3 Reasons Cardio Isn’t Going To Kill You: Part 2
Do endurance exercise and cardio cause heart attacks or plaque formation? Can cardio really kill you? Find out the other two reasons why it won't.
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Last week, we took a deep dive into a topic based on this recent article and study reported on in the Wall Street Journal: is cardio is really going to kill you? You learned all about the study, and you also learned about the glaring fact that diet was completely ignored in the study. This week, we’re jumping straight back into the topic.
Let’s begin where we left off …
2) Intensity Matters
While the study acknowledges that intensity for longer periods of time can cause damage to the arteries, it fails to point out the fact that intensity for shorter periods of time can actually allow you to become just as fit without subjecting the body to voluminous stress.
For example, according to an one study on the effect of HIIT on oxidative enzymes responsible for increasing endurance, there were enormous increases in skeletal muscle oxidative enzymes in seven weeks in subjects who did four to ten thirty-second maximal cycling sprints followed by four minutes of recovery just three days a week.
Another six-week training study compared the increase in oxidative enzymes that resulted from either:
Four to six thirty-second maximal-effort cycling sprints, each followed by four-and-a-half minutes of recovery, performed three days a week (classic HIIT training) or forty to sixty minutes of steady cycling at 65 percent VO2 max (an easy aerobic intensity) five days a week. The levels of oxidative enzymes in the mitochondria in subjects who performed the HIIT program were significantly higher—even though they were training at a fraction of the volume of the aerobic group.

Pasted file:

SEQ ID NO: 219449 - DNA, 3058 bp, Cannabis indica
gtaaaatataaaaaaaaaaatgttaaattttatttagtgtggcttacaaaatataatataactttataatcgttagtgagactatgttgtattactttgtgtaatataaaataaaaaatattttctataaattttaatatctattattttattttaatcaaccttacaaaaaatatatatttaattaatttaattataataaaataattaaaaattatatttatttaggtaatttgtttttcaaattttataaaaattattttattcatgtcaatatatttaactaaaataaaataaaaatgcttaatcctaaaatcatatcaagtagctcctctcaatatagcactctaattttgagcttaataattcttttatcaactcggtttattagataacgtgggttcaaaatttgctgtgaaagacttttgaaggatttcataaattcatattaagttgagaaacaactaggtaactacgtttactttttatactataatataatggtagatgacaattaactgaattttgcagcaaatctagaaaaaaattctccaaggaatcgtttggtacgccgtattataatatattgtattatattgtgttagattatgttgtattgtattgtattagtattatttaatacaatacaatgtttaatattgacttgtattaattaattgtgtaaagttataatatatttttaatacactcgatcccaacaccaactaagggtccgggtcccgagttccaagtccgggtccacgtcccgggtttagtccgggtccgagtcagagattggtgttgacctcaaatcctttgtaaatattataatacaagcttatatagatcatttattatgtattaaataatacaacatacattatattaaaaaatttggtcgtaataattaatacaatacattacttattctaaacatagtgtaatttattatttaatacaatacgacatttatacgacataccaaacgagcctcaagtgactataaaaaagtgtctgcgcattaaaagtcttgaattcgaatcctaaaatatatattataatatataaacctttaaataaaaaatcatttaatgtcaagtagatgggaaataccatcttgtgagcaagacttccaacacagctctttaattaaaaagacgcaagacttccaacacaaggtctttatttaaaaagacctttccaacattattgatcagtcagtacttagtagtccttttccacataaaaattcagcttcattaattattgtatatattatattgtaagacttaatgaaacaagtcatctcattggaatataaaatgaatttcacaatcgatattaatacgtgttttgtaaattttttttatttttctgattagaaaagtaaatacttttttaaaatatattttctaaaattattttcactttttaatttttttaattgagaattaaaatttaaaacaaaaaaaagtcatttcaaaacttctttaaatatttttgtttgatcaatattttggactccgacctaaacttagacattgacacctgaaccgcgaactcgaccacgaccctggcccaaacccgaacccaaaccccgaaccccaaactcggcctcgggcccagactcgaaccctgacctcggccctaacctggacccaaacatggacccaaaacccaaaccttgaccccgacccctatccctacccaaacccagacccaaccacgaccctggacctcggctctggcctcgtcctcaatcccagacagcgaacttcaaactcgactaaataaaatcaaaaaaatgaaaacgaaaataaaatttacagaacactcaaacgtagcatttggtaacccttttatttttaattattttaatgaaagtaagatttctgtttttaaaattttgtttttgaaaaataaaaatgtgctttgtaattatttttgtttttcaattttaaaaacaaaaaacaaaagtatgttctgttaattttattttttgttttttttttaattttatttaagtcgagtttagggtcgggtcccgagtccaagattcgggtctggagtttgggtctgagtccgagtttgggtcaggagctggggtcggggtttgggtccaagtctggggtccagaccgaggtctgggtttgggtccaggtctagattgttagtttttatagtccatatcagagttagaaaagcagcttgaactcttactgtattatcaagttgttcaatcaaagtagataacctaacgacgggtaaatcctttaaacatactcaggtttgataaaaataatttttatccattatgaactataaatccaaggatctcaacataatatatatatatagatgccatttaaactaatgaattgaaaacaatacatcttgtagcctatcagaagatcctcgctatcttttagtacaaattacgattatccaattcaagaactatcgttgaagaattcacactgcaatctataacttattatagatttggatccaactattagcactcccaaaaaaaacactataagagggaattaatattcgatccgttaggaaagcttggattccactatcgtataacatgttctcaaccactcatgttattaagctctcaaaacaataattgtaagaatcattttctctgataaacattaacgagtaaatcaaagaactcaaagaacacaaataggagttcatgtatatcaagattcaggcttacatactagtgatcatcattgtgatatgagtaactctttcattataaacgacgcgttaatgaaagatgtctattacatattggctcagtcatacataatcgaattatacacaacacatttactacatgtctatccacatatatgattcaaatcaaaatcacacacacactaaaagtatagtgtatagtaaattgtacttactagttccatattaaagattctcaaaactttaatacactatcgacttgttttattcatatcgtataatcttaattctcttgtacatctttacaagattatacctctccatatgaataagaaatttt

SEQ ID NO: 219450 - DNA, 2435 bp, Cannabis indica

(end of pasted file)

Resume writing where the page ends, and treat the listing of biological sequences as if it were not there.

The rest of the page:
So how could this favorable endurance adaptation happen with such short periods of exercise? It turns out that the increased mitochondrial density and oxidative-enzyme activity (both significantly increase endurance) from HIIT are caused by completely different message-signaling pathways than those created by traditional endurance training. In the HIIT pathway, a “master switch” is activated that promotes the favorable endurance adaptation. This master switch is known as PGC-1-alpha, which stands for peroxisome proliferator-activated receptor gamma coactivator 1-alpha. PGC-1-alpha causes that favorable increase in mitochondrial density and oxidative-enzyme activity but can be activated by two completely separate signaling pathways—the calcium/calmodulin-dependent kinase (CaMK) pathway or the adenosine monophosphate-activated protein kinase (AMPK) pathway. Continuous, voluminous endurance training seems to activate the master PGC-1-alpha switch via the CaMK pathway, while intense interval training activates it via a completely different pathway: the AMPK pathway.
So ultimately, it turns out there are two different ways to train for a marathon or any other endurance activity: one method uses short, intense efforts, while the other uses the long, voluminous and often intense exercise the recent study found to be harmful to the heart.